Authentic Lessons for 21st Century Learning

G Suite and Google Classroom

Chelsee Wilson | Published: September 16th, 2020 by K20 Center


The G Suite and Google Classroom PD focuses on exploring online instruction and implementation of technology in the classroom by using these innovative collaboration and productivity tools. Participants will collaborate to explore various components of G Suite, including Docs, Slides, Sheets, Forms, Explore, Drawing, and Chrome add-ins. Then, participants will set up a Google Classroom and learn how the G Suite components apply to and can enhance that platform to make teaching and student learning more collaborative, communicative, and productive.

Essential Questions

How can an authentic, technology-enriched learning environment increase student engagement and academic performance?

Learning Goals

  • Explore and identify the parts of G Suite and Google Classroom.

  • Use G Suite and Google Classroom to discover different functionalities and create activities.

Materials List

  • Presentation Slides (attached)

  • Resource Notecatcher (attached; one per participant)

  • Google Slides Task Handout (attached; one per group)

  • Google Sheets Task Handout (attached; one per group)

  • Google Forms Task Handout (attached; one per group)

  • Google Explore Task Handout (attached; one per group)

  • Google Drawings Task Handout (attached; one per group)

  • Google Docs Task Handout (attached; one per group)

  • Chrome Web Store Task Handout (attached; one per group)

  • Sticky notes

  • Internet access and Internet-ready devices


Print copies of the materials listed above before the session, based on the number of participants/groups you anticipate. Use the attached Presentation Slides to guide the learning activity. Introduce the activity with the title on slide two, then go to slide three and review the session objectives.

Continue to slide five. Ask participants how much they know about G Suite and Google Classroom. Take a few answers, and then follow the link on the slide. Ask participants to enter the link on their Internet-connected device, and take the five-question survey that was created using Google Forms, one of the G Suite components they will review today. Before facilitating this activity you will want to use the Google Form link in the presentation to make a copy of the form for yourself. Then replace the link in the presentation with a shareable link for your participants to use.

Give participants a few minutes to take the survey. Then, pull the results up on the screen. Ask participants what the data shows us.


Go to slide seven. Ask participants to arrange themselves in groups of 5–7 participants. Pass out copies of the attached Google Task Handouts to each group. The handouts provide detailed instructions that will familiarize participants with each of these G Suite components. Give each participant a physical or digital copy of the Resource Notecatcher to use as they work through the task handouts.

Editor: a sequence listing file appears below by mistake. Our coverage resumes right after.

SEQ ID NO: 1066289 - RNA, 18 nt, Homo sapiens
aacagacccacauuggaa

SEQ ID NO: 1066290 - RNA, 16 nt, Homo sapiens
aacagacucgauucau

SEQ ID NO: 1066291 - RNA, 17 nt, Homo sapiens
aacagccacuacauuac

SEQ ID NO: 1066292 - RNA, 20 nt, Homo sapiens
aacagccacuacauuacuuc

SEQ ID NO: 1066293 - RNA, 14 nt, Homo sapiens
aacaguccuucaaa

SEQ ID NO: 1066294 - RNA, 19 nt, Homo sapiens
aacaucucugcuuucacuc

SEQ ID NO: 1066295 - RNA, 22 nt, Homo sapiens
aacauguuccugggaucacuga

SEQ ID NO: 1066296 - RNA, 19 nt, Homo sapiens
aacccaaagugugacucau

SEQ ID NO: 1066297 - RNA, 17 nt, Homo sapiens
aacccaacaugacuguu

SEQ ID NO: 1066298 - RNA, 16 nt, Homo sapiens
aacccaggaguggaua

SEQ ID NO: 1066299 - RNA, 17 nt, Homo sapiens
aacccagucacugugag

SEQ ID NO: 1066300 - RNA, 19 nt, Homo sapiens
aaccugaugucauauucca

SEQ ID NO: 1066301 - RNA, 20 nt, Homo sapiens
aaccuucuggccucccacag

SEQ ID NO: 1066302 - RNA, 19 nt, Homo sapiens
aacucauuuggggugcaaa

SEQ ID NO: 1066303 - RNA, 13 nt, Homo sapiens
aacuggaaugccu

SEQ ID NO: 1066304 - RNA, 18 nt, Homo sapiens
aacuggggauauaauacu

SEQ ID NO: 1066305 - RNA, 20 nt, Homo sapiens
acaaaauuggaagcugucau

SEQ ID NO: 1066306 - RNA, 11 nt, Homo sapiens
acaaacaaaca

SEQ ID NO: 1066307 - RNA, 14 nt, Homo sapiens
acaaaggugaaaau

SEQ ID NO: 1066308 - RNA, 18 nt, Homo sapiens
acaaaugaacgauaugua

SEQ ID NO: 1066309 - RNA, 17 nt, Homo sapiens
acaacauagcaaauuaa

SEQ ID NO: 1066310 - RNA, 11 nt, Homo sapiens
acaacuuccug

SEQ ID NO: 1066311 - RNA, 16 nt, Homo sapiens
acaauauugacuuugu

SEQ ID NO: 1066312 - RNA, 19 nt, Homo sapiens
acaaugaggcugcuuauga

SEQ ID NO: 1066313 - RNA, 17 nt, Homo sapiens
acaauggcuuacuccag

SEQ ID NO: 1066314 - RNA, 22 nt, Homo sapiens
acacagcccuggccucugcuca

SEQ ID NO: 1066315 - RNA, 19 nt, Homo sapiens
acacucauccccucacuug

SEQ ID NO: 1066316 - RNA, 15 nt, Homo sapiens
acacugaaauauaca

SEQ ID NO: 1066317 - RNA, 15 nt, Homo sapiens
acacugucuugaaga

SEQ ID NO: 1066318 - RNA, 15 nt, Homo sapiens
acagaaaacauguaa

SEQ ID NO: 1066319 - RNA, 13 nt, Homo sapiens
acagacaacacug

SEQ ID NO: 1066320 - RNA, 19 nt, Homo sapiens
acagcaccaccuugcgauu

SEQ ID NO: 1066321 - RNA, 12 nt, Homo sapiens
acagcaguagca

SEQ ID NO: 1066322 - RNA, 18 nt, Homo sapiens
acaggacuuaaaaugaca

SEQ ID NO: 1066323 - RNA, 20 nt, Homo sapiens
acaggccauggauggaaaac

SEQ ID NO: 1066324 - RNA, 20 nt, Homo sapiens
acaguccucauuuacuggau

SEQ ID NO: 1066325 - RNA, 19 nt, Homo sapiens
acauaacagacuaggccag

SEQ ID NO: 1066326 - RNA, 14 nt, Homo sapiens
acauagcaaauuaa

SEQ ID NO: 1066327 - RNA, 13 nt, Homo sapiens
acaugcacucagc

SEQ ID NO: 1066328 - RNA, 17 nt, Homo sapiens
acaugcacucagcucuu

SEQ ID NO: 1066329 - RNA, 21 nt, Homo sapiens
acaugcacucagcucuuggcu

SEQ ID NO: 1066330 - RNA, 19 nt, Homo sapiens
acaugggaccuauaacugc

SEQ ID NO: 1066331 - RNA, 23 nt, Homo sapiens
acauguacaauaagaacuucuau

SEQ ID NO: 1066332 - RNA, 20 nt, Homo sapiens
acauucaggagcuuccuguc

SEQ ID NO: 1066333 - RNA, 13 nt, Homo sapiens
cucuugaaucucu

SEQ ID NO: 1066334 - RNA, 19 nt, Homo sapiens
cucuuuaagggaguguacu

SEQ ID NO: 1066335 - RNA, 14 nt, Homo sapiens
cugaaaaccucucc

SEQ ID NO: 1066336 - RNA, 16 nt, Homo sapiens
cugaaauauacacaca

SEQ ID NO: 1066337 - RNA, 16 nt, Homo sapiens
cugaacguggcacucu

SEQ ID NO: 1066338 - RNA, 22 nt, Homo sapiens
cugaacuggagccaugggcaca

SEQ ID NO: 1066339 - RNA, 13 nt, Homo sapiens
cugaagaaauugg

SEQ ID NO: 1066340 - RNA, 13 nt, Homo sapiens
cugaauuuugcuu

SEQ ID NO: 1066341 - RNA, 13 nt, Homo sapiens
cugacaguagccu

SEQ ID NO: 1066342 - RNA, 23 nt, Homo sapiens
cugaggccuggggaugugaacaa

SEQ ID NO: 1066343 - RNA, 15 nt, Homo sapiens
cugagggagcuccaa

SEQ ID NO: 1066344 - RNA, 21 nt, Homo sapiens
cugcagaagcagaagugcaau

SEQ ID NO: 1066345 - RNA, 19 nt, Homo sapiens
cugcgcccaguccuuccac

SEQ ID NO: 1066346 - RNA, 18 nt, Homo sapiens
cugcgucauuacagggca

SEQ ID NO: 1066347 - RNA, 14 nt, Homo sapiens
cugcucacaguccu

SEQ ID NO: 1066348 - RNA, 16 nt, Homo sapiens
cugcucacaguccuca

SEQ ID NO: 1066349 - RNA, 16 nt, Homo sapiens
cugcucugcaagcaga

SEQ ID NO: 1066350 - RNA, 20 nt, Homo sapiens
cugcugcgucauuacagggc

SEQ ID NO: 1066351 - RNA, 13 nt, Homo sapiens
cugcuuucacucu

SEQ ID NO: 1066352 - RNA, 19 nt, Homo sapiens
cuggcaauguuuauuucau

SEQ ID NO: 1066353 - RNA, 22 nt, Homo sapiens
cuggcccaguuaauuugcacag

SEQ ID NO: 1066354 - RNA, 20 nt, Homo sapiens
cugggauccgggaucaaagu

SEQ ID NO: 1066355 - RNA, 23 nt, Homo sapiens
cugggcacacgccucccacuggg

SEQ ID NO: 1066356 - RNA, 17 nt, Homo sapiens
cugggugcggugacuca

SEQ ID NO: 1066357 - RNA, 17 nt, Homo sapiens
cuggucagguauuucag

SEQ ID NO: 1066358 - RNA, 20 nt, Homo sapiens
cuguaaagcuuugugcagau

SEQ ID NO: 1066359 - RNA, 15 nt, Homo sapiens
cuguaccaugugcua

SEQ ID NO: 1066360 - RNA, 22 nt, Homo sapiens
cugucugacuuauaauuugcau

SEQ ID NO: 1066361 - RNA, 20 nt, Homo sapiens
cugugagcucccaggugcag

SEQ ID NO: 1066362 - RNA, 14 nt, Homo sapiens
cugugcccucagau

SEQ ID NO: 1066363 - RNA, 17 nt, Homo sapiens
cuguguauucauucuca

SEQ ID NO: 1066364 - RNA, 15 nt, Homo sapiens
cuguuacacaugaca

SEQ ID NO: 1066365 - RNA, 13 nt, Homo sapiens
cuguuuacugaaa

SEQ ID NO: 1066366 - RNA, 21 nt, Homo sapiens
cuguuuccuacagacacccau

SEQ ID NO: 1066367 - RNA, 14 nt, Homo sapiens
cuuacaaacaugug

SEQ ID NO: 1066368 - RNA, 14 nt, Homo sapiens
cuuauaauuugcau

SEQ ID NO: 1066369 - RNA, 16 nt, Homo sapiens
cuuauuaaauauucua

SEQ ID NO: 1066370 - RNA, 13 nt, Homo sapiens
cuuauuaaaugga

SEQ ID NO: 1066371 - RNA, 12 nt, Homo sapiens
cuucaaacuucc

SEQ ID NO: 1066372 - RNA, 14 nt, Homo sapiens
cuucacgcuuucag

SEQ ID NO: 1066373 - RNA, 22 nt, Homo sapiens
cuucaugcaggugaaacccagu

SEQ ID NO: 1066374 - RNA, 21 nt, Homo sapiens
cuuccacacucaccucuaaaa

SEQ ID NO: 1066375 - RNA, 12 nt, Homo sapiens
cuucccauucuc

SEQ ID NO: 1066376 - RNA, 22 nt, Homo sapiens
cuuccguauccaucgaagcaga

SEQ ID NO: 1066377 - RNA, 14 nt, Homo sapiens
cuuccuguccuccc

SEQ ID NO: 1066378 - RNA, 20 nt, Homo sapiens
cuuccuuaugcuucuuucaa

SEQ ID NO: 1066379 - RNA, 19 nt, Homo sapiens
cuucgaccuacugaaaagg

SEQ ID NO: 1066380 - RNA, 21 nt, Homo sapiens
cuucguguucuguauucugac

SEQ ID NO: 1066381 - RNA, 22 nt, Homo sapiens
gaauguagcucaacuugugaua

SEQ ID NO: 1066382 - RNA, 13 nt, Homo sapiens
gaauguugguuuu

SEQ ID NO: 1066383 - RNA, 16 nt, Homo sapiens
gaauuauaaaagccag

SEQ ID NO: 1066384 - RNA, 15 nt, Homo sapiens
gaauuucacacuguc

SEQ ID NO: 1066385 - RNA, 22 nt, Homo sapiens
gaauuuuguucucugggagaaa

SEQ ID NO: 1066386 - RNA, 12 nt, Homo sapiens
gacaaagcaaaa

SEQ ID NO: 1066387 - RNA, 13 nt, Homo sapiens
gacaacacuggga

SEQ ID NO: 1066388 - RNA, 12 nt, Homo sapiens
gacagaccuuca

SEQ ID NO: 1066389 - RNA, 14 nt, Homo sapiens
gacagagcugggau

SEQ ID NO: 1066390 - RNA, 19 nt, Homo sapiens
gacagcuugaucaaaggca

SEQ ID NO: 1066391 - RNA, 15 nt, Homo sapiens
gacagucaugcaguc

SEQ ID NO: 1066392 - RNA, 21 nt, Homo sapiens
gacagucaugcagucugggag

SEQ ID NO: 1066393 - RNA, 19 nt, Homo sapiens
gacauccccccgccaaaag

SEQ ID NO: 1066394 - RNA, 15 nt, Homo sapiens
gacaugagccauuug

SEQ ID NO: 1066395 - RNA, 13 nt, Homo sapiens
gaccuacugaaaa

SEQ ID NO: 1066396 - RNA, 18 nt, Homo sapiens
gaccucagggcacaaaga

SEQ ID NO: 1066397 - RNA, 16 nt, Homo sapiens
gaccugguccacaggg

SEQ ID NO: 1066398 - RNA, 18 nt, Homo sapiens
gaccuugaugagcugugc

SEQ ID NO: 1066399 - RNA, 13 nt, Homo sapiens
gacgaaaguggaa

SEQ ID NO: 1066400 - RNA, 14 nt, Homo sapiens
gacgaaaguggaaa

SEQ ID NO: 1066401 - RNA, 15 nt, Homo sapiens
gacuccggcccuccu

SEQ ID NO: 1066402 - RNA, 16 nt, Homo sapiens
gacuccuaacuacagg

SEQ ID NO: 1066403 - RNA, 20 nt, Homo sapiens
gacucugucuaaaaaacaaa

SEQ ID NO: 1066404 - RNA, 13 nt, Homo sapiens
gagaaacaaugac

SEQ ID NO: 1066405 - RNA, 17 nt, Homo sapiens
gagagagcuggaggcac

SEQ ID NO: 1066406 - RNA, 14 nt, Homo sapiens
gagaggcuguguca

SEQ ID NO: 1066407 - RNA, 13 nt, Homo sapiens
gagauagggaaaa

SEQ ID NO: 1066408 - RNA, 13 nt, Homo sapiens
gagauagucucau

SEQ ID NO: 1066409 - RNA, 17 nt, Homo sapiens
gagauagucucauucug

Participants in each group will need to complete each task handout on their own and then swap with someone else in their group. This process will continue until everyone in the group has completed each task handout. Slides 8–13 feature summaries of the information on the task handouts. You may want to display them and offer explanations to the group if participants have questions about the instructions.

Go to slide 15. Once everyone has completed the task handouts, ask them to participate in a digital I Used to Think ... But Now I Know using the shared Google Doc link shown on the slide. In the left column, participants will type what they thought about G Suite/Google Classroom prior to the task handouts. In the right column, participants will type what they think about G Suite/Google Classroom now that they have completed the task handout.

Once they have completed the activity, project the completed Doc for everyone to see and point out some of the things colleagues have learned so far.


Go to slide 17. Ask participants to pull up the sample Google Sheets data using the shortened link shown on the slide. Have them make a copy and save it to their Drive. Once they have saved it to their Drive, ask them to open it and press the "Explore" button. What options does it give them? Can they ask a question about the data? Let participants spend a few minutes playing with this new feature.

Go to slide 18. Now, have participants go to the Chrome Web Store. Show them how to search for Extensions. Give them 10–15 minutes to look for an extension they can use in their content area, and then ask them to share out.

Go to slide 19. Next, ask participants to open a Google Doc. Refer to the add-on activity they did during the task handouts, and ask them to spend a 5–10 minutes looking at the add-on options. Ask participants to share out what they found.